Screw-in Tent Pegs
 DESTINATIONS
DALY WATERS
This tiny town has been a watering hole for many years - April 2017

The Northern Territory's Daly Waters Hotel is a legendary spot in a tiny town on the Stuart Highway. Today, with a population of about 23, the town of Daly Waters has little to commend it apart from its historic pub. Daly Waters lies 212 metres above sea level and is located 620 km south of Darwin. 

 

On the back of the menu at the pub there's some recorded history: 'In the early days the Daly Waters Pub was a drover's rest, the mob always staging here for stores and a night out for the boys before tackling the Murranji leg of the drove.' 

Now little more than a stopover for people travelling along the Stuart Highway the tiny settlement was named by John McDouall Stuart during his epic attempt to cross Australia from south to north in 1861-1862. 

By 1862 Stuart had already made two attempts to cross the continent. His first, in 1860, had reached Tennant Creek. The second, in early 1861, pushed further north but again Stuart was forced back. The third journey, which headed out from Adelaide in October 1861 reached the centre in March, 1862. Stuart pushed north making slow progress. He finally arrived at Daly Waters on 28 May and Stuart named the springs after the new Governor of South Australia, Sir Dominick Daly. Stuart reached the northern coast near modern-day Darwin on 24 July, 1862.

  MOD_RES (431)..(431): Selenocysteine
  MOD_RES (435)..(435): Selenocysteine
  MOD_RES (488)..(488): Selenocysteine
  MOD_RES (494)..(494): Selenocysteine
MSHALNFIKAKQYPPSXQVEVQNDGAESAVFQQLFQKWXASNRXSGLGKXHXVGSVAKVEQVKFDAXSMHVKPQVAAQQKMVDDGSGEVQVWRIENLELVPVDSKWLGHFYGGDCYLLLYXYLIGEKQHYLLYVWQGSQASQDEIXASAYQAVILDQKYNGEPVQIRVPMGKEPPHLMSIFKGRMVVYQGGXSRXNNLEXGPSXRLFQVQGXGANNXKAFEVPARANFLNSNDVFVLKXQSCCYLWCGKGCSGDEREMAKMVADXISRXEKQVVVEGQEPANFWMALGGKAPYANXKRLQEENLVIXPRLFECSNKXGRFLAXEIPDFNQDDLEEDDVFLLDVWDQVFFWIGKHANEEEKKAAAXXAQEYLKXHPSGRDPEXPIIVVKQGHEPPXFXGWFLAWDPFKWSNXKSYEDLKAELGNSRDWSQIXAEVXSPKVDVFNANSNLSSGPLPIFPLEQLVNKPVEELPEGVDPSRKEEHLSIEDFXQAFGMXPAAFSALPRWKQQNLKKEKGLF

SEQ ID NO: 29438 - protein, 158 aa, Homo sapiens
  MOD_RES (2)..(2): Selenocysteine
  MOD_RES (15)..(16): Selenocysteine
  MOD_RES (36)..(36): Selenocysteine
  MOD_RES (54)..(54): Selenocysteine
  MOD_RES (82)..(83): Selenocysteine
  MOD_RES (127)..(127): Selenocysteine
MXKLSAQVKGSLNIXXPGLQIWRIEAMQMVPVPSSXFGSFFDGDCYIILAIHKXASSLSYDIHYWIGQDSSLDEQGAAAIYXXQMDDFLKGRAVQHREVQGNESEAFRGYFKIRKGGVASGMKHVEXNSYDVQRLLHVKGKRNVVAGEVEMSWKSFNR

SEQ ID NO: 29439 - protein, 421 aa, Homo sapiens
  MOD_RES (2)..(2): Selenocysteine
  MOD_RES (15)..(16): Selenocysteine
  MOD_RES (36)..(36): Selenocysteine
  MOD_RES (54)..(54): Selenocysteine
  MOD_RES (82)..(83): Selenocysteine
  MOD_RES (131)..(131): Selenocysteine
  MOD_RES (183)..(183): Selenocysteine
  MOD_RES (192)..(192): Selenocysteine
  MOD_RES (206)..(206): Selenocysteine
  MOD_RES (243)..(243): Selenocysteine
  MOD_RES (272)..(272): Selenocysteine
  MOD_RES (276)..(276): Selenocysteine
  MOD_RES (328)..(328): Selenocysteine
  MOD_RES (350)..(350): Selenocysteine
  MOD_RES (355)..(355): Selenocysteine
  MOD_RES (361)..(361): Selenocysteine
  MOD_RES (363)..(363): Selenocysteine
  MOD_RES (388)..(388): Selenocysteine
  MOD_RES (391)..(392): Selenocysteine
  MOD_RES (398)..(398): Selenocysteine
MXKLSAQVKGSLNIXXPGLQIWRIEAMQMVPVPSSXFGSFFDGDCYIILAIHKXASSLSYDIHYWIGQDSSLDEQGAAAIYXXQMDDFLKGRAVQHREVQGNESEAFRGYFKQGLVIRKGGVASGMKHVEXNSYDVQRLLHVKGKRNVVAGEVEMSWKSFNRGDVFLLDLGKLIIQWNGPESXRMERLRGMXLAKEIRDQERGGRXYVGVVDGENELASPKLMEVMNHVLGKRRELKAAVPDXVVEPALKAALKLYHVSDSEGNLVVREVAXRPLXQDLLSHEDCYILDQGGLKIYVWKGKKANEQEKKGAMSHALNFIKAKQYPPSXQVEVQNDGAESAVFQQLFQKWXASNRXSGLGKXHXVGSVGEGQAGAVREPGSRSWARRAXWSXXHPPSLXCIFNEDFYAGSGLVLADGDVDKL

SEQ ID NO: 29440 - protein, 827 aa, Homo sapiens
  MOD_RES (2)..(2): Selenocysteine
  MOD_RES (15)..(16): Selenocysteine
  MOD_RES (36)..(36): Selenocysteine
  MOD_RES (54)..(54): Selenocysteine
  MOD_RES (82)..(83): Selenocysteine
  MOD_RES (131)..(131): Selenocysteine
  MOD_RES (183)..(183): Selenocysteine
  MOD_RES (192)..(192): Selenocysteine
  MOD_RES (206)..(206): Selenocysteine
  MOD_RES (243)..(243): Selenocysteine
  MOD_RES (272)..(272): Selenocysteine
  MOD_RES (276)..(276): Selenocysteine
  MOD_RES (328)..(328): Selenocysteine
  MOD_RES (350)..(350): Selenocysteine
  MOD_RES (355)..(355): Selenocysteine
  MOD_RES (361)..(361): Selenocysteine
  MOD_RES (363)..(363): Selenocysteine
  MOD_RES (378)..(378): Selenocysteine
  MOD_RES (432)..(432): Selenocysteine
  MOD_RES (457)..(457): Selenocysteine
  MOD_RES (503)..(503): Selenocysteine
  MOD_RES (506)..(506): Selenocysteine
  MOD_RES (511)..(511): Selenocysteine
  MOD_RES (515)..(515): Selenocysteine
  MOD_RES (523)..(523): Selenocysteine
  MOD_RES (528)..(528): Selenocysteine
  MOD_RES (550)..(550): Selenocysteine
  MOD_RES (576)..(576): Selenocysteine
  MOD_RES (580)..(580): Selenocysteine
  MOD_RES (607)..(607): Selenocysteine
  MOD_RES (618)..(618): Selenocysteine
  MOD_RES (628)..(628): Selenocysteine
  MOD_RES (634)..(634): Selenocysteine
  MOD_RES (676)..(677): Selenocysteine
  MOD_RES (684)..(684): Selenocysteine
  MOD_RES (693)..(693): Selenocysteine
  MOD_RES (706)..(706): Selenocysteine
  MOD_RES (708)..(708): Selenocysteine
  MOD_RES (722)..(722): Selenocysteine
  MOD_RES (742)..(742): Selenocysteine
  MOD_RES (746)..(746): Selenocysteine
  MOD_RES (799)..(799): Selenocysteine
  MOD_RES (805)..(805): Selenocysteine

The actual town of Daly Waters is located 7km to the west of the Stuart Highway, being built on the old stock route not the road. On the way into town is the Stuart Tree, with a plaque that reads: 'The explorer John McDouall Stuart is presumed to have carved the initial S on this tree on 23 May 1862 during his successful journey from Adelaide to Darwin 1861-62. Erected by the Northern Territory Forces in 1944.' There's a faint 'S' on the eastern side of the tree.

The Overland Telegraph Line reached Daly Waters in June,1872 and for a short time a 'pony express' was established to bridge the gap between Daly Waters and Tennant Creek. Important telegraphic messages from overseas were actually carried by horse for the 421 km between the two stations. The line was finally completed on 22 August, 1872.

 

 



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